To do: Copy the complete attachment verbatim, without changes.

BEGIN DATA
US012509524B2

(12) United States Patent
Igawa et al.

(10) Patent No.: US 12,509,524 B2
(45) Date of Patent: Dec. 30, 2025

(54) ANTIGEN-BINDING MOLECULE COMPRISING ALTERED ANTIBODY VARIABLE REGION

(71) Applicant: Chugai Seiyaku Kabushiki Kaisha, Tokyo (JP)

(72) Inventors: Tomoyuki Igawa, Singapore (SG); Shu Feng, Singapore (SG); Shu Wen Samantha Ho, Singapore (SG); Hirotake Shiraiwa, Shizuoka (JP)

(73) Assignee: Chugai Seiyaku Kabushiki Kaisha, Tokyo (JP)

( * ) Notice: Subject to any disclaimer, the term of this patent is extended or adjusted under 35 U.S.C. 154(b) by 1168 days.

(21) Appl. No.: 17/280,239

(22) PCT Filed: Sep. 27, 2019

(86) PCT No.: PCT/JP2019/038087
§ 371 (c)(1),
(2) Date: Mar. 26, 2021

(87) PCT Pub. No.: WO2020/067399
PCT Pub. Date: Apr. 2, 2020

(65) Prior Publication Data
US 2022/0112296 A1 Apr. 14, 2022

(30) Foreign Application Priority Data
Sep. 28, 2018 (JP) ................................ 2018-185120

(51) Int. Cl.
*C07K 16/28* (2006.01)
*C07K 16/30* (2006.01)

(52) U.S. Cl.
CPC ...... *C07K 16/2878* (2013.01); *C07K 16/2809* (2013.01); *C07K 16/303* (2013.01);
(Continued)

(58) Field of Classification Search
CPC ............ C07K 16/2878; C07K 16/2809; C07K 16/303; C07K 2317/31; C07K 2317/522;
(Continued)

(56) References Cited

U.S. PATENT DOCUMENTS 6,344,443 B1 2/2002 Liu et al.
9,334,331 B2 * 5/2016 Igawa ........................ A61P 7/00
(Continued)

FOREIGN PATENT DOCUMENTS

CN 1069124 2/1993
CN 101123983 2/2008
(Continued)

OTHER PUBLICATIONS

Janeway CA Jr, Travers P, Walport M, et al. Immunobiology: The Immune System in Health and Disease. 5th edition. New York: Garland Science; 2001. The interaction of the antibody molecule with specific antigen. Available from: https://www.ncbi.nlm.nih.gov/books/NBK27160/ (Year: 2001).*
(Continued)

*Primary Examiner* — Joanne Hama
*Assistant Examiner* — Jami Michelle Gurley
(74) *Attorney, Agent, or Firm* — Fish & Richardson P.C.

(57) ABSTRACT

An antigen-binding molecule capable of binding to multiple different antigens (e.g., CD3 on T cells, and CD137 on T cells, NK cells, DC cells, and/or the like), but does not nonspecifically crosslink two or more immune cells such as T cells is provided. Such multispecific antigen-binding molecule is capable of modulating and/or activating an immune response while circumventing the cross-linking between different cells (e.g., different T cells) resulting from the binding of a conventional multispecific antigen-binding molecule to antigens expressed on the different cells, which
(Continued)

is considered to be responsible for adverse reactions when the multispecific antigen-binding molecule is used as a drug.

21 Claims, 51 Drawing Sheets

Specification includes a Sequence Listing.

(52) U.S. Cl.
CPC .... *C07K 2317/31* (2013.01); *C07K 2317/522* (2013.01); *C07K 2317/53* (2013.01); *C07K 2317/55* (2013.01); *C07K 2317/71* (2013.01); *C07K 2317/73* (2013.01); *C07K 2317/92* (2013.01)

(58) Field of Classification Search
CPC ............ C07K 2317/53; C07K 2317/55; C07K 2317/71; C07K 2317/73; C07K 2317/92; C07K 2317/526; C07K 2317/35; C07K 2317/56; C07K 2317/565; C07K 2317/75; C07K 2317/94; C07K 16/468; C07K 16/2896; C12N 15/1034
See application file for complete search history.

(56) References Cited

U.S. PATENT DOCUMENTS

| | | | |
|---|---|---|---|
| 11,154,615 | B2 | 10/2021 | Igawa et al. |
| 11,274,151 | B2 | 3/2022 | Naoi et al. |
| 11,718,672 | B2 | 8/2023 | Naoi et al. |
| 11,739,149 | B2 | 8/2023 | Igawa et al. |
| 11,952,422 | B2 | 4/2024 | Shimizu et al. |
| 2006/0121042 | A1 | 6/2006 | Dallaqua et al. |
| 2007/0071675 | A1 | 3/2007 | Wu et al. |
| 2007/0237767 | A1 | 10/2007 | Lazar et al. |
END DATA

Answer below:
US012509524B2

(12) United States Patent
Igawa et al.

(10) Patent No.: US 12,509,524 B2
(45) Date of Patent: Dec. 30, 2025

(54) ANTIGEN-BINDING MOLECULE COMPRISING ALTERED ANTIBODY VARIABLE REGION

(71) Applicant: Chugai Seiyaku Kabushiki Kaisha, Tokyo (JP)

(72) Inventors: Tomoyuki Igawa, Singapore (SG); Shu Feng, Singapore (SG); Shu Wen Samantha Ho, Singapore (SG); Hirotake Shiraiwa, Shizuoka (JP)

(73) Assignee: Chugai Seiyaku Kabushiki Kaisha, Tokyo (JP)

( * ) Notice: Subject to any disclaimer, the term of this patent is extended or adjusted under 35 U.S.C. 154(b) by 1168 days.

(21) Appl. No.: 17/280,239

(22) PCT Filed: Sep. 27, 2019

(86) PCT No.: PCT/JP2019/038087
§ 371 (c)(1),
(2) Date: Mar. 26, 2021

(87) PCT Pub. No.: WO2020/067399
PCT Pub. Date: Apr. 2, 2020

(65) Prior Publication Data
US 2022/0112296 A1 Apr. 14, 2022

(30) Foreign Application Priority Data
Sep. 28, 2018 (JP) ................................ 2018-185120

(51) Int. Cl.
*C07K 16/28* (2006.01)
*C07K 16/30* (2006.01)

(52) U.S. Cl.
CPC ...... *C07K 16/2878* (2013.01); *C07K 16/2809* (2013.01); *C07K 16/303* (2013.01);
(Continued)

(58) Field of Classification Search
CPC ............ C07K 16/2878; C07K 16/2809; C07K 16/303; C07K 2317/31; C07K 2317/522;
(Continued)

(56) References Cited

U.S. PATENT DOCUMENTS 6,344,443 B1 2/2002 Liu et al.
9,334,331 B2 * 5/2016 Igawa ........................ A61P 7/00
(Continued)

FOREIGN PATENT DOCUMENTS

CN 1069124 2/1993
CN 101123983 2/2008
(Continued)

OTHER PUBLICATIONS

Janeway CA Jr, Travers P, Walport M, et al. Immunobiology: The Immune System in Health and Disease. 5th edition. New York: Garland Science; 2001. The interaction of the antibody molecule with specific antigen. Available from: https://www.ncbi.nlm.nih.gov/books/NBK27160/ (Year: 2001).*
(Continued)

*Primary Examiner* — Joanne Hama
*Assistant Examiner* — Jami Michelle Gurley
(74) *Attorney, Agent, or Firm* — Fish & Richardson P.C.

(57) ABSTRACT

An antigen-binding molecule capable of binding to multiple different antigens (e.g., CD3 on T cells, and CD137 on T cells, NK cells, DC cells, and/or the like), but does not nonspecifically crosslink two or more immune cells such as T cells is provided. Such multispecific antigen-binding molecule is capable of modulating and/or activating an immune response while circumventing the cross-linking between different cells (e.g., different T cells) resulting from the binding of a conventional multispecific antigen-binding molecule to antigens expressed on the different cells, which
(Continued)

is considered to be responsible for adverse reactions when the multispecific antigen-binding molecule is used as a drug.

21 Claims, 51 Drawing Sheets

Specification includes a Sequence Listing.

(52) U.S. Cl.
CPC .... *C07K 2317/31* (2013.01); *C07K 2317/522* (2013.01); *C07K 2317/53* (2013.01); *C07K 2317/55* (2013.01); *C07K 2317/71* (2013.01); *C07K 2317/73* (2013.01); *C07K 2317/92* (2013.01)

(58) Field of Classification Search
CPC ............ C07K 2317/53; C07K 2317/55; C07K 2317/71; C07K 2317/73; C07K 2317/92; C07K 2317/526; C07K 2317/35; C07K 2317/56; C07K 2317/565; C07K 2317/75; C07K 2317/94; C07K 16/468; C07K 16/2896; C12N 15/1034
See application file for complete search history.

(56) References Cited

U.S. PATENT DOCUMENTS

| | | | |
|---|---|---|---|
| 11,154,615 | B2 | 10/2021 | Igawa et al. |
| 11,274,151 | B2 | 3/2022 | Naoi et al. |
| 11,718,672 | B2 | 8/2023 | Naoi et al. |
| 11,739,149 | B2 | 8/2023 | Igawa et al. |
| 11,952,422 | B2 | 4/2024 | Shimizu et al. |
| 2006/0121042 | A1 | 6/2006 | Dallaqua et al. |
| 2007/0071675 | A1 | 3/2007 | Wu et al. |
| 2007/0237767 | A1 | 10/2007 | Lazar et al. |